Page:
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THE VIRTUAL VACCINE
A Ten-Point Plan to Reinvigorate Our National Commitment to HIV Prevention
July 20, 1998
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- Federal prevention funding at the CDC including education has been flat during the past three years ($617 million in FY97, $634 in FY98 and $634 proposed in FY99).
- Infection rates since 1996 have increased, especially among young people and communities of color. Women accounted for over one quarter (28%) of the HIV diagnoses compared to 17% of AIDS diagnoses from a recent analysis by the CDC of 25 states from 1994-97. The trends also indicate that African-Americans accounted for the majority (57%) of HIV diagnoses, compared to 45% of AIDS diagnoses.
- There are approximately 40,000 new infections every year, half of which are estimated to be among young people (under the age of 25). Despite a drop in death rates in other categories, AIDS remains the number one killer of African-Americans and Latinos age 25-44.
- The Congressional Black Caucus recently declared a "State of Emergency" because of the alarming rates of HIV/AIDS in the black community. Blacks and latinos make up 66% of AIDS cases, and blacks account for more AIDS cases than any other racial/ethnic group.
- Only 3,995 infections must be prevented annually to actually result in cost-savings.
- Increased funding should support a reinvigorated and renewed national HIV prevention effort that targets highest risk communities.
- Providing treatment on request for those using drugs would help fight both the wars on AIDS and illegal drug use.
- Nearly a third of all AIDS cases and approximately half of all HIV infections are attributed directly or indirectly to substance abuse.
- A Massachusetts study of young people revealed that teens were less likely to use condoms if sex followed drinking or drug use.
- The Clinton Administration should lift the federal ban on needle exchange funding and veto any bills that would jeopardize states from implementing needle exchange programs. Also, states and local communities should implement needle exchange programs, fully fund them, and facilitate access to clean syringes.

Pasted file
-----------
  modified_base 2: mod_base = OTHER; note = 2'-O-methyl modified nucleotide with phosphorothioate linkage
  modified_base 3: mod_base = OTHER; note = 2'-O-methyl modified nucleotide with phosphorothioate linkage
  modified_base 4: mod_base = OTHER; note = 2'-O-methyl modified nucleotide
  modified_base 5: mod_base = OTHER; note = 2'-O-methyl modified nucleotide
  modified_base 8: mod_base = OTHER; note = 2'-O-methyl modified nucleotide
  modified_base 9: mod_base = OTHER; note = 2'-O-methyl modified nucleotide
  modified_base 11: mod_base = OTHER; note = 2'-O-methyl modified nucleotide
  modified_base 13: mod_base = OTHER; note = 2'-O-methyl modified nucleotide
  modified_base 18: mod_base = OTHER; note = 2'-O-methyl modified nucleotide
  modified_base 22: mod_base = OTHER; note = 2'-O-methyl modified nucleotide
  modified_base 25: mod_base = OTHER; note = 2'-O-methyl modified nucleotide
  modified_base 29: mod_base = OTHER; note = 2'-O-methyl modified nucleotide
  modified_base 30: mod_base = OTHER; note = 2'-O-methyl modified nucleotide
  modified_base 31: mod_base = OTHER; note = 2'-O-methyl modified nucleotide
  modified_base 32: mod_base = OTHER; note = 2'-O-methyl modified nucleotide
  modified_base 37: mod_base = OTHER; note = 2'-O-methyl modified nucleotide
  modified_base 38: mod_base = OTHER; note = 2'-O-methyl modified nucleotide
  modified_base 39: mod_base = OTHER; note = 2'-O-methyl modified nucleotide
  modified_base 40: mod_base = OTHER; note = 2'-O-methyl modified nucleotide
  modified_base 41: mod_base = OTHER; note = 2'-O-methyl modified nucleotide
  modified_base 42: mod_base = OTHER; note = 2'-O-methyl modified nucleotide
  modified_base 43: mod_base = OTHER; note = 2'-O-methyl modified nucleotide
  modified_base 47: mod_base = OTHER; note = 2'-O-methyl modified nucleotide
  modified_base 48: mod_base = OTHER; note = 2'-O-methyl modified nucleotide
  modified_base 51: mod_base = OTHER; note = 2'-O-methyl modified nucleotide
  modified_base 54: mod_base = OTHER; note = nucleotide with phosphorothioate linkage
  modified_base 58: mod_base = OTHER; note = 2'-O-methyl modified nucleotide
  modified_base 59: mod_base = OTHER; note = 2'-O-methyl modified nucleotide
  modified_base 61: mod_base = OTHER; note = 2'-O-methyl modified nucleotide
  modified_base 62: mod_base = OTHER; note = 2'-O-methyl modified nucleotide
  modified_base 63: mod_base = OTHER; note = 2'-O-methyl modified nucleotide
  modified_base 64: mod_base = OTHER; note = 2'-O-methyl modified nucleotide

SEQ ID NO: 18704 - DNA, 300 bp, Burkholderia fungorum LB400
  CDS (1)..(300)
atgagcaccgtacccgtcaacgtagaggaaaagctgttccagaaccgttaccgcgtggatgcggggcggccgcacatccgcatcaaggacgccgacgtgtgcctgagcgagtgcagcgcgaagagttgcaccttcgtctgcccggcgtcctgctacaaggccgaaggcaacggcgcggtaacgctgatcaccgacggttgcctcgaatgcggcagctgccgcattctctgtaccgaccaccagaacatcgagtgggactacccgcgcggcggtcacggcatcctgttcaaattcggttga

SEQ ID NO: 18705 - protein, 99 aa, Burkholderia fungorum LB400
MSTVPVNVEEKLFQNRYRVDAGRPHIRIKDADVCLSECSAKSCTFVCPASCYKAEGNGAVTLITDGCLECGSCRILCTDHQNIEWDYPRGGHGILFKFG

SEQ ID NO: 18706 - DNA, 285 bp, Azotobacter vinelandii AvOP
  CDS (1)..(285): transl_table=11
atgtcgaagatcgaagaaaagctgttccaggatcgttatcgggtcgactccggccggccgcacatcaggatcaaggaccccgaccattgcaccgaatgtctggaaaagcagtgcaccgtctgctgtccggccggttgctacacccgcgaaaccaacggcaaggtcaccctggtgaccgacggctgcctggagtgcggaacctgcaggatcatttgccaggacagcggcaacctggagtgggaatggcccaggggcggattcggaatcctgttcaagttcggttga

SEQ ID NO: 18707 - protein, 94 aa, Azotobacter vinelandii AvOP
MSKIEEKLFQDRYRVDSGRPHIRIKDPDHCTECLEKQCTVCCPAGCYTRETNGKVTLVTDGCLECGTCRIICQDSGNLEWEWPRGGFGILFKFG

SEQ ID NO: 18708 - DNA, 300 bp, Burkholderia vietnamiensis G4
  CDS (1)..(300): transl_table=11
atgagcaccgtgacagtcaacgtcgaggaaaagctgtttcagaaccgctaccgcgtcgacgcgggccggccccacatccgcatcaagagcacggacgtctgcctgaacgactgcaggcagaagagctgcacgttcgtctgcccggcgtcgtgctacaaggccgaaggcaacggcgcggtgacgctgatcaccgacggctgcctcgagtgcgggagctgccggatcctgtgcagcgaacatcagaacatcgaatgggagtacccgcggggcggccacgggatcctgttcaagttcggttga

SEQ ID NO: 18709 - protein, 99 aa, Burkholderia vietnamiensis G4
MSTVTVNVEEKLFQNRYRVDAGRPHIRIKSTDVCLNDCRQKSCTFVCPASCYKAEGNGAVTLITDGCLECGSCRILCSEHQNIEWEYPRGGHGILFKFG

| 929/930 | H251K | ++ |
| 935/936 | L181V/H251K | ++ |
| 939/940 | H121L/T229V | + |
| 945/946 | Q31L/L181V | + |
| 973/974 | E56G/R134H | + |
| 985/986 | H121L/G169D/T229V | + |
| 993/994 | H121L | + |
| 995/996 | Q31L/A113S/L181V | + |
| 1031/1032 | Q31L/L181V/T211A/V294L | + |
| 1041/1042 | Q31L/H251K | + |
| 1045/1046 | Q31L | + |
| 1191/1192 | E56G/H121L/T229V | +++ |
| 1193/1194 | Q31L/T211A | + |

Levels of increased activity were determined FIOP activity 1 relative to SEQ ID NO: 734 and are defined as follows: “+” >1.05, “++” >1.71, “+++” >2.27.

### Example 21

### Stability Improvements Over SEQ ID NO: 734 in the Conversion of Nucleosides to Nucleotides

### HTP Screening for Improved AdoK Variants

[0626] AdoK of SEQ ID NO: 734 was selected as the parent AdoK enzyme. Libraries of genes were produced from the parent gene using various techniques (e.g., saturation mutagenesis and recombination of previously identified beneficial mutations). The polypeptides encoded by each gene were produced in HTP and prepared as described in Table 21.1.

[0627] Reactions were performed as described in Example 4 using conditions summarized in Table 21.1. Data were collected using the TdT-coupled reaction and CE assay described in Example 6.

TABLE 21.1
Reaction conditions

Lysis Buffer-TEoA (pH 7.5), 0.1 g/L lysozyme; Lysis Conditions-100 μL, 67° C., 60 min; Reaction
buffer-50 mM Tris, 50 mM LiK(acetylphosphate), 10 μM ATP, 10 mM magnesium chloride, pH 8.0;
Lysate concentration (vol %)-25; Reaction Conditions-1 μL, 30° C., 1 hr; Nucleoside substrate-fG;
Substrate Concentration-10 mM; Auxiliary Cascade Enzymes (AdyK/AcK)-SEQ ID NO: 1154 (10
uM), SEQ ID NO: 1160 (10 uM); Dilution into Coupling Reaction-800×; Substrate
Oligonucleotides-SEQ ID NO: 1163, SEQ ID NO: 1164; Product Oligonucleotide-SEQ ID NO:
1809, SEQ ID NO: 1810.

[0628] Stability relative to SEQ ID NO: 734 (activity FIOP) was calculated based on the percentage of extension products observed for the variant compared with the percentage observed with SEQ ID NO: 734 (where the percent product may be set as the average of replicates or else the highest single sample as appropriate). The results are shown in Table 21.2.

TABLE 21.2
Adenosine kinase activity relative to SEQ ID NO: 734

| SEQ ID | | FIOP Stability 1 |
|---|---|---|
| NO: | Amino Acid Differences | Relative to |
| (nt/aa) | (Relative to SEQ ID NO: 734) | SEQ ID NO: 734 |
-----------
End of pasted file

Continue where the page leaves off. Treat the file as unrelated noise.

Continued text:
- As the first step toward treatment on request, Congress should pass and the President should sign into law $275 million in funding increases for substance abuse programs.
- Engage the U.S. Drug Czar, General McCaffrey, to strike a more equitable balance between treatment and interdiction in the fight against illegal drug use.
- A June study released by the NIH's National Institute of Mental Health revealed the extraordinary effectiveness of small-group counseling sessions. The 37-city study of 3,705 men and women of color demonstrated that targeted prevention including multiple group counseling sessions cut high-risk behavior in half and doubled regular condom use.
- The CDC should provide grants to community-based organizations to implement a nationwide roll-out of small-group educational and counseling sessions targeted to at-risk populations.
- Research illustrates vital need for comprehensive HIV prevention programs for adolescents. Effective programs will inform adolescents that making right decisions often takes more than knowledge, it also includes support from peers, parents, and the public health and at-large community.